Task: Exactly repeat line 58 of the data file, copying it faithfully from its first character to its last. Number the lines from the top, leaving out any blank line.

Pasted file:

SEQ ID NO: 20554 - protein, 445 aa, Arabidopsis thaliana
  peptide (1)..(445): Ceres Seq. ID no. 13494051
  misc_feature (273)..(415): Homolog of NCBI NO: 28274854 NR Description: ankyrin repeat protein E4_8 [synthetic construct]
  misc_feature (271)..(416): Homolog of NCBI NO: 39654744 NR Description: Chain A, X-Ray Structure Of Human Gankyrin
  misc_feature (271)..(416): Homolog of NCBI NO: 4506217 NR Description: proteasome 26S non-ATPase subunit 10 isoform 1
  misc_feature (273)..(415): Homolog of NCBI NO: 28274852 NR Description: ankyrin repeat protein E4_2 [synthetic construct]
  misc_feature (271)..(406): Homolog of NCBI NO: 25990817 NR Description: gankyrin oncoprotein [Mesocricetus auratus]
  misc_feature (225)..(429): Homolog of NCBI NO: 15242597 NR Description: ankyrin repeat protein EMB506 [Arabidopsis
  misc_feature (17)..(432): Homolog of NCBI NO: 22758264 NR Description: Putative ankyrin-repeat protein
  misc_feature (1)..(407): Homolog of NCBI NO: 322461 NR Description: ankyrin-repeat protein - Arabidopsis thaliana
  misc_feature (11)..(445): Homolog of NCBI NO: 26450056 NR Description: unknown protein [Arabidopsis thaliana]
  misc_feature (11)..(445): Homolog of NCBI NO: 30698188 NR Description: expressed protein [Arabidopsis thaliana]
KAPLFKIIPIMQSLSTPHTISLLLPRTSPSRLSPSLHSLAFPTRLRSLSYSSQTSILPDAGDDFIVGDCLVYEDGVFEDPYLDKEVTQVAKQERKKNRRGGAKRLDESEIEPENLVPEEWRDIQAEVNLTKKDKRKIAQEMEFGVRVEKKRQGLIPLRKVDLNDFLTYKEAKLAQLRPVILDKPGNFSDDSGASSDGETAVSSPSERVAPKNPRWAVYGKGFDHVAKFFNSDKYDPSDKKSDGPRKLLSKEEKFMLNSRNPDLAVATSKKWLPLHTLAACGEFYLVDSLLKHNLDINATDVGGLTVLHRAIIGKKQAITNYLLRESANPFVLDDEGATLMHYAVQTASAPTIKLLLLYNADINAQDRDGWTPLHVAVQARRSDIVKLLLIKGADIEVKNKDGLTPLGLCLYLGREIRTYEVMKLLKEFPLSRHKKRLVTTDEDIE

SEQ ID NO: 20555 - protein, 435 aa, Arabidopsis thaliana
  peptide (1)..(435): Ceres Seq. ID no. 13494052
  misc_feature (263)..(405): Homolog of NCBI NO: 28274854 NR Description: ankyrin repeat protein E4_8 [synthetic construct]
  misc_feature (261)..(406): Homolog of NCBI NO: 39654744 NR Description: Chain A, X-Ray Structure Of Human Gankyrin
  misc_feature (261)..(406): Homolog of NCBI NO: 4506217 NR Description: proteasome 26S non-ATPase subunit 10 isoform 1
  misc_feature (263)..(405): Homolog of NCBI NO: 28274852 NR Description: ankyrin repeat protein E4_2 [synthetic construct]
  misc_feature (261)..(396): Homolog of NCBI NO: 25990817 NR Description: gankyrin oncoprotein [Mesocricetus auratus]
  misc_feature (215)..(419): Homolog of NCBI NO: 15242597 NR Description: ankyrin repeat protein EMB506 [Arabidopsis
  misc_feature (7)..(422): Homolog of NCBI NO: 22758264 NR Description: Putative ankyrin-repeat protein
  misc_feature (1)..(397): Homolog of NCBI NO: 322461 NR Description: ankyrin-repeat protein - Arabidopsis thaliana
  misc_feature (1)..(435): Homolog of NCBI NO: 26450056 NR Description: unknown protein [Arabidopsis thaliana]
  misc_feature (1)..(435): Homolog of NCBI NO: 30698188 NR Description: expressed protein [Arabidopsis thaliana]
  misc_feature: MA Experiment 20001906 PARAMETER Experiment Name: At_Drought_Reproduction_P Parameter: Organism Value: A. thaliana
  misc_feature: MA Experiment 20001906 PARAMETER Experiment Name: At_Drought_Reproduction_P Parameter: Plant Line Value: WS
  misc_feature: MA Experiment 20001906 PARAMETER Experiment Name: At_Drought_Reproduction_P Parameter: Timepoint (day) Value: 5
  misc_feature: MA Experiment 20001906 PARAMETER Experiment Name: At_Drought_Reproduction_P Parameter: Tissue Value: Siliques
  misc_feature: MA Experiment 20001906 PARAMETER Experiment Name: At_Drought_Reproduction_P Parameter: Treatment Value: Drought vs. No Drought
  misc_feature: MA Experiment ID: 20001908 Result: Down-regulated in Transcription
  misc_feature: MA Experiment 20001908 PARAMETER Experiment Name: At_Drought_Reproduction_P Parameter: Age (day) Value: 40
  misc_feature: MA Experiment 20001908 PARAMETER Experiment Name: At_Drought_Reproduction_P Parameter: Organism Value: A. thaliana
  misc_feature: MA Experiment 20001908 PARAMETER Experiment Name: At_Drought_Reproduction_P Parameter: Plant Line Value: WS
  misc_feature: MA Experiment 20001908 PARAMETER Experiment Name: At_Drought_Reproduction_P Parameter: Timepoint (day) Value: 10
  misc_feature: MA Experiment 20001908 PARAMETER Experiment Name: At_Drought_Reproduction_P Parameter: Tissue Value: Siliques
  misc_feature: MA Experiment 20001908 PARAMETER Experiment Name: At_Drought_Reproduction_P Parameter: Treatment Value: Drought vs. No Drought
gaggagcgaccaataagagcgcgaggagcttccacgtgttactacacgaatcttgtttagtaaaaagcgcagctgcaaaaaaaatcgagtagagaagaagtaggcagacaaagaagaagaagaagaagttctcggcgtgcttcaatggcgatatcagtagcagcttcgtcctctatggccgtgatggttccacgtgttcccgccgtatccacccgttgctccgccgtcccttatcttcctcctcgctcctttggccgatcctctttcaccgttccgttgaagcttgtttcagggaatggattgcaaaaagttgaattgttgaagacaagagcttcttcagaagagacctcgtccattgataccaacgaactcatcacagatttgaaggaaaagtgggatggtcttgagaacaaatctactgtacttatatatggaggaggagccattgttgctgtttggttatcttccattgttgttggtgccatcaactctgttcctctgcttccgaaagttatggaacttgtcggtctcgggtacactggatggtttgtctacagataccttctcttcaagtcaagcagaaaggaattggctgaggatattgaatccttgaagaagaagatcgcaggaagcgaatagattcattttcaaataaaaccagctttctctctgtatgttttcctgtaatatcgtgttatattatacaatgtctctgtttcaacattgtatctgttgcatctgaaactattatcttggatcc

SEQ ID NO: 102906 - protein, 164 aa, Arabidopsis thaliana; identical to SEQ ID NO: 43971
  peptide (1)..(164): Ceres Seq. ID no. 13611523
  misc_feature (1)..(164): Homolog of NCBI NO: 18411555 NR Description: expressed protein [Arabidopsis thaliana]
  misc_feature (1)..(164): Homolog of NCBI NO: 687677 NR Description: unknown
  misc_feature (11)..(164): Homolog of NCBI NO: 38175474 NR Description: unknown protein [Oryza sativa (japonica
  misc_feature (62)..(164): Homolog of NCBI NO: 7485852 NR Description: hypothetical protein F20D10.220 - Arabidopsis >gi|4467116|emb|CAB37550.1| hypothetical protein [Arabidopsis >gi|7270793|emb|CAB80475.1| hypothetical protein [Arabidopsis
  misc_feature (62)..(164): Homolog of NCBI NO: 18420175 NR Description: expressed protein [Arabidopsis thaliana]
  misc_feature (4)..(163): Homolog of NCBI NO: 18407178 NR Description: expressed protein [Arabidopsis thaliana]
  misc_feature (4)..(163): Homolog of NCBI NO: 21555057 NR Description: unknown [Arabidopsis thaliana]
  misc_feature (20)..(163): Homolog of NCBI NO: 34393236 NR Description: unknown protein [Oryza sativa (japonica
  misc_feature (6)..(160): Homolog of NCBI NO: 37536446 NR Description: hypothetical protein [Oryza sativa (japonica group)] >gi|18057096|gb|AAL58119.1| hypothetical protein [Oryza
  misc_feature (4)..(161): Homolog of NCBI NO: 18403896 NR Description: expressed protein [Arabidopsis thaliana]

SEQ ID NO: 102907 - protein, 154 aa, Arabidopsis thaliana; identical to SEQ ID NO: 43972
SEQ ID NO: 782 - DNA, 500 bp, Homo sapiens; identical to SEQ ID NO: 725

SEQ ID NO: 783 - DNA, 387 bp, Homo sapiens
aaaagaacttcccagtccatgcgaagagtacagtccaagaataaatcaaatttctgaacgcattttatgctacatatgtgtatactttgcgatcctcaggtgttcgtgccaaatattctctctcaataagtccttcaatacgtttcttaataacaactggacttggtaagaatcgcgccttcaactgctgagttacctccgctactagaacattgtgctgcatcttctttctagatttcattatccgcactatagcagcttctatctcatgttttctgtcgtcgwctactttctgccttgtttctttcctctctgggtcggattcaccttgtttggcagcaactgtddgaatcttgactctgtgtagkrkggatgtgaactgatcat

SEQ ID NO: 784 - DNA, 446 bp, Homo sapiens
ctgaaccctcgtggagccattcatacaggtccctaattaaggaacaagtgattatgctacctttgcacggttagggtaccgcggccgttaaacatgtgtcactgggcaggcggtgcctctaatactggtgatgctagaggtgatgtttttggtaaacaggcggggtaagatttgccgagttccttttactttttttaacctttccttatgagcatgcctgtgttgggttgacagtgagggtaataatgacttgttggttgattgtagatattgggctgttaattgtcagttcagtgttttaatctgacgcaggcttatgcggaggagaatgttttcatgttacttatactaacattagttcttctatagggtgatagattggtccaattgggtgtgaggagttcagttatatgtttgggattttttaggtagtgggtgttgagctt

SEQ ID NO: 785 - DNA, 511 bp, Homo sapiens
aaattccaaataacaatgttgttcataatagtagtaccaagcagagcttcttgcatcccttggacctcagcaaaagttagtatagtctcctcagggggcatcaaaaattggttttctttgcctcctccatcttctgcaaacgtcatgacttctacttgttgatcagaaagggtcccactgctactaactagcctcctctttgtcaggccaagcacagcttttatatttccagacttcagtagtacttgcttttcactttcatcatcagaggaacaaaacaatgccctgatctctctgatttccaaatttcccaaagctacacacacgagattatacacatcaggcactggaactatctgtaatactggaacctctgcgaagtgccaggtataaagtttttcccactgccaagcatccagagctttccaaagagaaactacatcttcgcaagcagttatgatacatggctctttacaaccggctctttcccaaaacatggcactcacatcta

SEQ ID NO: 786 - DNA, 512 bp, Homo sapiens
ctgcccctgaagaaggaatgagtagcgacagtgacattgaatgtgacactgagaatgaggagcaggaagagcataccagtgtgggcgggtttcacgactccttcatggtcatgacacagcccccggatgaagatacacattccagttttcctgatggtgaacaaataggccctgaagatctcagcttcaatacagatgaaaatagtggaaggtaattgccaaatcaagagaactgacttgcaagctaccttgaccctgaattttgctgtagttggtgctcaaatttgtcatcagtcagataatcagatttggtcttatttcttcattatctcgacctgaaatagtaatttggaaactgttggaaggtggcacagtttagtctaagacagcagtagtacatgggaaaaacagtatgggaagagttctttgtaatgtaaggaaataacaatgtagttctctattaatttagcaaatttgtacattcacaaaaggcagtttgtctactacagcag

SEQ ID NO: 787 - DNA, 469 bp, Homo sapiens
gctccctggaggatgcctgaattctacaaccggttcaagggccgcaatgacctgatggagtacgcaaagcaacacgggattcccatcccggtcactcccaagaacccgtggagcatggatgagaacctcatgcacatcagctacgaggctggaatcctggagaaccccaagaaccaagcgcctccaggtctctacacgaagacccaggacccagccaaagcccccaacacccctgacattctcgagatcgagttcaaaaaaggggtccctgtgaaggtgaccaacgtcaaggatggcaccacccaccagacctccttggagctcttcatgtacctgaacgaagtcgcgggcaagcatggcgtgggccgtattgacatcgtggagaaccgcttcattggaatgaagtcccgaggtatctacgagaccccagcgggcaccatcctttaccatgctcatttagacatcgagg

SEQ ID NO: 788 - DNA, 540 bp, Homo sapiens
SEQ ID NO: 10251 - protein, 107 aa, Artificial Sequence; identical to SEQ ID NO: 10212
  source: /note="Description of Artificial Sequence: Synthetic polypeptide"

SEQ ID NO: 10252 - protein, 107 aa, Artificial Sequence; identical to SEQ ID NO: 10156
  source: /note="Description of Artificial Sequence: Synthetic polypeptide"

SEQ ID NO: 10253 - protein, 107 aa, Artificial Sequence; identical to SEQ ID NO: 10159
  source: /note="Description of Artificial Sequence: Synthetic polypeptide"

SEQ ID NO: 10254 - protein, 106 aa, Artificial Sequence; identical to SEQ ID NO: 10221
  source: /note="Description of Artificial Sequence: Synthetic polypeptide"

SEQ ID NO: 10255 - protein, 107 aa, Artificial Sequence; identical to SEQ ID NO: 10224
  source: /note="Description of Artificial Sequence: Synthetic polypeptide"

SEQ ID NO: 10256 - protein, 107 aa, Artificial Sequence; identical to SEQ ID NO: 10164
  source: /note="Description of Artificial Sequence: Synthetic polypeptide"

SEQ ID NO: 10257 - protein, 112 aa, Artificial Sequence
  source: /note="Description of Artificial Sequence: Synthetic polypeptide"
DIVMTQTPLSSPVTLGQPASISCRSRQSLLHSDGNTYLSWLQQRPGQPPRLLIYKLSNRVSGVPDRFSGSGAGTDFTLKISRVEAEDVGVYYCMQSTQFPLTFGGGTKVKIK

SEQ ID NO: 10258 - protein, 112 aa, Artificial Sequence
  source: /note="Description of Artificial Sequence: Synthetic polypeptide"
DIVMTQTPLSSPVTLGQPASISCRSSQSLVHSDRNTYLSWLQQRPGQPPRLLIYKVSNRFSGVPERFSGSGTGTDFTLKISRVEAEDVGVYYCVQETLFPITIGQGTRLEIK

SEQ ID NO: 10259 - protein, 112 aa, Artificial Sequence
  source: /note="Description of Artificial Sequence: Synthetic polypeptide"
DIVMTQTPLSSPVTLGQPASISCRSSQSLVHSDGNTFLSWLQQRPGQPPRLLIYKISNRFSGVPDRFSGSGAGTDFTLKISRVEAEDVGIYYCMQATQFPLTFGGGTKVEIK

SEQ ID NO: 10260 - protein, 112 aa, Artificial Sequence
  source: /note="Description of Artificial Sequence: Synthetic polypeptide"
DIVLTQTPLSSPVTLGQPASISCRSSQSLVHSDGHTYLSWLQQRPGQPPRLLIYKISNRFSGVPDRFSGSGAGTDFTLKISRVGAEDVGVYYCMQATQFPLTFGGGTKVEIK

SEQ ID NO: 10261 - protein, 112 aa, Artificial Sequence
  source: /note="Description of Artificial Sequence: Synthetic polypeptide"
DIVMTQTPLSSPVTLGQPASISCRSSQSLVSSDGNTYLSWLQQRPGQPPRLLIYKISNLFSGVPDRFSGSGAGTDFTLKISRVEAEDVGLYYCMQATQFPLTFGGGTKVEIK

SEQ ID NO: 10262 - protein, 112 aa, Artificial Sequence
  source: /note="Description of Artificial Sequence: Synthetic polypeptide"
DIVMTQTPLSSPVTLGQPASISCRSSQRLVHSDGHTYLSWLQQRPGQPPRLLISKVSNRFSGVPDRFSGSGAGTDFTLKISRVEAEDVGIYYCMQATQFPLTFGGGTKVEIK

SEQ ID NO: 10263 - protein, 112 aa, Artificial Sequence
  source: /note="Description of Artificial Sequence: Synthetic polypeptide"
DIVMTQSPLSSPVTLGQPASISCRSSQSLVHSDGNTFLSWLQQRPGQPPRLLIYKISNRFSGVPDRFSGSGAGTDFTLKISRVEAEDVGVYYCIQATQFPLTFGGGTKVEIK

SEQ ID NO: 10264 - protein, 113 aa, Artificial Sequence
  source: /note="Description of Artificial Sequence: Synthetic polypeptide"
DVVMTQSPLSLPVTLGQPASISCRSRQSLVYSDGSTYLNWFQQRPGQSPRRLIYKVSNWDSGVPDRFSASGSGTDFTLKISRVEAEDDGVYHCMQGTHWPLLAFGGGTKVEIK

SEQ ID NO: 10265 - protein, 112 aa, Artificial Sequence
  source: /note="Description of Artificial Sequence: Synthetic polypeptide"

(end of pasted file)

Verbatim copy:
aaattccaaataacaatgttgttcataatagtagtaccaagcagagcttcttgcatcccttggacctcagcaaaagttagtatagtctcctcagggggcatcaaaaattggttttctttgcctcctccatcttctgcaaacgtcatgacttctacttgttgatcagaaagggtcccactgctactaactagcctcctctttgtcaggccaagcacagcttttatatttccagacttcagtagtacttgcttttcactttcatcatcagaggaacaaaacaatgccctgatctctctgatttccaaatttcccaaagctacacacacgagattatacacatcaggcactggaactatctgtaatactggaacctctgcgaagtgccaggtataaagtttttcccactgccaagcatccagagctttccaaagagaaactacatcttcgcaagcagttatgatacatggctctttacaaccggctctttcccaaaacatggcactcacatcta